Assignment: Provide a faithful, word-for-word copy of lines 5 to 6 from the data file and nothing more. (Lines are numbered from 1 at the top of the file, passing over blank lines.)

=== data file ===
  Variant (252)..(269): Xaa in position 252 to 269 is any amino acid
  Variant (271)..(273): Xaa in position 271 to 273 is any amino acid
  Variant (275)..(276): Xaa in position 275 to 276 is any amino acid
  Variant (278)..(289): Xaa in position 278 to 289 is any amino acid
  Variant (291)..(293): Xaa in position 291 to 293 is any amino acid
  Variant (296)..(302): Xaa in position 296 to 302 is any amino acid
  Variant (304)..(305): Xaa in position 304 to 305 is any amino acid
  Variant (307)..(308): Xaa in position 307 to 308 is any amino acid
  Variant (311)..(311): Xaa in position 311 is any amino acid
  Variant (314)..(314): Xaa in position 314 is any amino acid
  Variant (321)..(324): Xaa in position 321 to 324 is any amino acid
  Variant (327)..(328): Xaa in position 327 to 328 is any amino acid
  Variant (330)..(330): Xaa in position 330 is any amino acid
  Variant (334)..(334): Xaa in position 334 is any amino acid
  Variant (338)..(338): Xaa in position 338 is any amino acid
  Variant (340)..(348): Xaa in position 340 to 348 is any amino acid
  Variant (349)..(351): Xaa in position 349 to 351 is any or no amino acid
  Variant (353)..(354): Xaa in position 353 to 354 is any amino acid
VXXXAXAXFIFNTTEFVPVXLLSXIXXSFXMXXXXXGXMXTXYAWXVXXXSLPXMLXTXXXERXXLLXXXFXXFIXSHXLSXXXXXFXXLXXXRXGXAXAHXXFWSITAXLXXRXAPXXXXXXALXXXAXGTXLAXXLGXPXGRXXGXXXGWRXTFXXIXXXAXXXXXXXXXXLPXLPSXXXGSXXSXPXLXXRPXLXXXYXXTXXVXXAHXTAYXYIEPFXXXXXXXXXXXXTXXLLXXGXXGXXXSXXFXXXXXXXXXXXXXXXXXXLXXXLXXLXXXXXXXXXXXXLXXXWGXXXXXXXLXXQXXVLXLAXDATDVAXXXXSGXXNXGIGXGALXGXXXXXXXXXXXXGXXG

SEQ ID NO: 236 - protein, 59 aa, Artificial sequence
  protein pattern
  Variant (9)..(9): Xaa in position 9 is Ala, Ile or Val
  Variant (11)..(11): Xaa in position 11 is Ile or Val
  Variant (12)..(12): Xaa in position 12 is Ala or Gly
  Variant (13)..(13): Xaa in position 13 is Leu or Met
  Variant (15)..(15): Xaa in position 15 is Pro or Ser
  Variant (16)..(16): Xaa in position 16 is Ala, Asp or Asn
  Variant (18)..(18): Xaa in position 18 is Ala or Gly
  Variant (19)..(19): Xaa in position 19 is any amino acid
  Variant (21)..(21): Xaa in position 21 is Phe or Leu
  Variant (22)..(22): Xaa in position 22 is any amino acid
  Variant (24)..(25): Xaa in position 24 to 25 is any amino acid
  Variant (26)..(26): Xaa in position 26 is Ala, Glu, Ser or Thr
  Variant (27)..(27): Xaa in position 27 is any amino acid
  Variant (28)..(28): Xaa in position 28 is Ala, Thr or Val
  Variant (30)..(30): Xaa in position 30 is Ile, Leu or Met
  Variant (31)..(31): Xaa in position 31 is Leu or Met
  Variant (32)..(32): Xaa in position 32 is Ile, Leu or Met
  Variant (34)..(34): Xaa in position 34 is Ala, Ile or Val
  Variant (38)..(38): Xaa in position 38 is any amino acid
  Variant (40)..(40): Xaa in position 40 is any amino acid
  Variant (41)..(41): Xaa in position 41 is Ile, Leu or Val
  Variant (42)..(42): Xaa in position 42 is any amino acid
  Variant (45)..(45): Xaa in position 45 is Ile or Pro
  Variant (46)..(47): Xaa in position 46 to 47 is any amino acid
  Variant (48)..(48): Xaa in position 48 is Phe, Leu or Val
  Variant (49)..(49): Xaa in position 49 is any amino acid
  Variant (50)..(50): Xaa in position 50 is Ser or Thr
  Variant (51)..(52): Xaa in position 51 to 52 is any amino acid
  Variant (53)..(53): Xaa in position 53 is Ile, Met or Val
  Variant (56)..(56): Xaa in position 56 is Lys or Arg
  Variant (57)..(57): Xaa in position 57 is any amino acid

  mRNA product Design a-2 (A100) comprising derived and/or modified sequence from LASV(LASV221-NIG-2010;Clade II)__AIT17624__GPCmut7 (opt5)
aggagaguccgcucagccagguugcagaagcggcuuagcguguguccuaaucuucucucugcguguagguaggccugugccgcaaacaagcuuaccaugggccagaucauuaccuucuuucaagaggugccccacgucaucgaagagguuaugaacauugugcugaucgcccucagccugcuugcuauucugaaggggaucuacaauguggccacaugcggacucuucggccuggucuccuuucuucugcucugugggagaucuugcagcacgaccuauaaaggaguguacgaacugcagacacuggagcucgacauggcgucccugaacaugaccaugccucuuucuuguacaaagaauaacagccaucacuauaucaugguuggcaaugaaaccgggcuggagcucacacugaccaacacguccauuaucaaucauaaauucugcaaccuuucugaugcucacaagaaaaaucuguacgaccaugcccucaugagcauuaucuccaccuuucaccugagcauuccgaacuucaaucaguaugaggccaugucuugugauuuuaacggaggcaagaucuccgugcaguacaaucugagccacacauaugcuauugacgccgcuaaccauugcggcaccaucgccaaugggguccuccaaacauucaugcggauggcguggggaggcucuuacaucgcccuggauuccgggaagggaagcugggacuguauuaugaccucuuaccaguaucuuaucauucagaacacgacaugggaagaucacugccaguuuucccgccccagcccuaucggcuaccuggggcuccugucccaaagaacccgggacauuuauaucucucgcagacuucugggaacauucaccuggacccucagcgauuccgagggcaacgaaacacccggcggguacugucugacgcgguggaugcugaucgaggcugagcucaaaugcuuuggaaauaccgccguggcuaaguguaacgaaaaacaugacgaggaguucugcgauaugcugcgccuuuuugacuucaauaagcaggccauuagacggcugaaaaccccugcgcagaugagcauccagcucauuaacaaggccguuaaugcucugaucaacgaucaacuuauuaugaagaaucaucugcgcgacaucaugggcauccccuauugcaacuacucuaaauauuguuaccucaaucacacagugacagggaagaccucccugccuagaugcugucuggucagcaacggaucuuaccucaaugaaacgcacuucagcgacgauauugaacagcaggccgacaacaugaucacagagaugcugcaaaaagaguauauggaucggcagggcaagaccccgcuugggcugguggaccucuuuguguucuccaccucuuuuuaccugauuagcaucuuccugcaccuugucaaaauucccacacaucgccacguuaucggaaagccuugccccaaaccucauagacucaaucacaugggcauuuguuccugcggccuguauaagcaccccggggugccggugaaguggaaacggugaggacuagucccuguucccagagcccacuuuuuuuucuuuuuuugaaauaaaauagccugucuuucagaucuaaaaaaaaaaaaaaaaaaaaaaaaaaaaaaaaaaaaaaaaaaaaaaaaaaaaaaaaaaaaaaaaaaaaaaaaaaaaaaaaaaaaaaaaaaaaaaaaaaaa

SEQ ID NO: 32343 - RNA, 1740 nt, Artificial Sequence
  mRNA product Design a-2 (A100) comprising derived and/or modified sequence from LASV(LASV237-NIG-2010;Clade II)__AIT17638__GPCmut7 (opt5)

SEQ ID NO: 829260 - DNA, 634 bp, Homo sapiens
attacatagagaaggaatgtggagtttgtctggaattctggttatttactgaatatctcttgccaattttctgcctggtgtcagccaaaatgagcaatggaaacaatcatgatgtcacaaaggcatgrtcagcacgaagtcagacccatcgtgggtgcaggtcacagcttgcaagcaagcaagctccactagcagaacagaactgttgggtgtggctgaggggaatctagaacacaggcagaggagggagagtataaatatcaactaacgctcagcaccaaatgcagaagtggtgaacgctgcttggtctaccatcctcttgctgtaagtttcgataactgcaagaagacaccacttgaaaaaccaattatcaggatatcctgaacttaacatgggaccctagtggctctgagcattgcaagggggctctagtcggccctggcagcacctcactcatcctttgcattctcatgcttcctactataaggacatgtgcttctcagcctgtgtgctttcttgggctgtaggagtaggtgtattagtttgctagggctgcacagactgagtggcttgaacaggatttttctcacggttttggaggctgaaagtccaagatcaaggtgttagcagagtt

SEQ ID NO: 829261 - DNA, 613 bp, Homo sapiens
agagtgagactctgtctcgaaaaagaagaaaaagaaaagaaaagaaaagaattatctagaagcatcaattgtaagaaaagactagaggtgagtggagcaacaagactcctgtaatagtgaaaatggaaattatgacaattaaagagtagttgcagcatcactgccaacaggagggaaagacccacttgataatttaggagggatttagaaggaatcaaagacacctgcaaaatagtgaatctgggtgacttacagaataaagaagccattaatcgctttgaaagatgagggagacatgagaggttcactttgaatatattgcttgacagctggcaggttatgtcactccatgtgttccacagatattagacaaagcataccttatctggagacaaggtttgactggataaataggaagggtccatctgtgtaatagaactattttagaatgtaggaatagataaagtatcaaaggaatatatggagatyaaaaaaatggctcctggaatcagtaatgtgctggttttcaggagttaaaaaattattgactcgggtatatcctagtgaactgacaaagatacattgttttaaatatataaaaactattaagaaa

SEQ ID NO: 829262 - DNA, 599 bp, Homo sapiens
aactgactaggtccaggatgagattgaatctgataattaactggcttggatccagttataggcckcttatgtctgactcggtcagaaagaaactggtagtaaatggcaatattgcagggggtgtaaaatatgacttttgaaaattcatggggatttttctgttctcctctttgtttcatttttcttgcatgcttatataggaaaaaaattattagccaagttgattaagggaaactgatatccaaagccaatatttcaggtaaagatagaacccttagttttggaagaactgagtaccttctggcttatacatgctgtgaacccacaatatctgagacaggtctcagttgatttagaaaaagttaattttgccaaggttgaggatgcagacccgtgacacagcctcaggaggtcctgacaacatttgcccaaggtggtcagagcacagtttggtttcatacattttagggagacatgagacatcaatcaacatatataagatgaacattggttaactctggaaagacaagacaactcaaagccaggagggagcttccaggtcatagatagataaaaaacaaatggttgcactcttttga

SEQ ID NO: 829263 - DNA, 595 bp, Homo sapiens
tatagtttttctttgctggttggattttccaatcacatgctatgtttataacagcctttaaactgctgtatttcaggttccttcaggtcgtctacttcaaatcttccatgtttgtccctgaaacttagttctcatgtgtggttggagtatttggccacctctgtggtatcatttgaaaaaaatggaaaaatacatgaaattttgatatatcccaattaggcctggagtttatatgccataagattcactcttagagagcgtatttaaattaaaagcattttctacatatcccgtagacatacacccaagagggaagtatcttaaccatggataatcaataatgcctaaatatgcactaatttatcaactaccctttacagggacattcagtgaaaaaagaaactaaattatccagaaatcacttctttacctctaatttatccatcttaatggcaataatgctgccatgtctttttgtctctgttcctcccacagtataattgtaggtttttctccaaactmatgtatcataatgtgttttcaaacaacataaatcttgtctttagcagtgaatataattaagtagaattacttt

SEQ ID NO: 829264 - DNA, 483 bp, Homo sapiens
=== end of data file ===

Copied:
  Variant (291)..(293): Xaa in position 291 to 293 is any amino acid
  Variant (296)..(302): Xaa in position 296 to 302 is any amino acid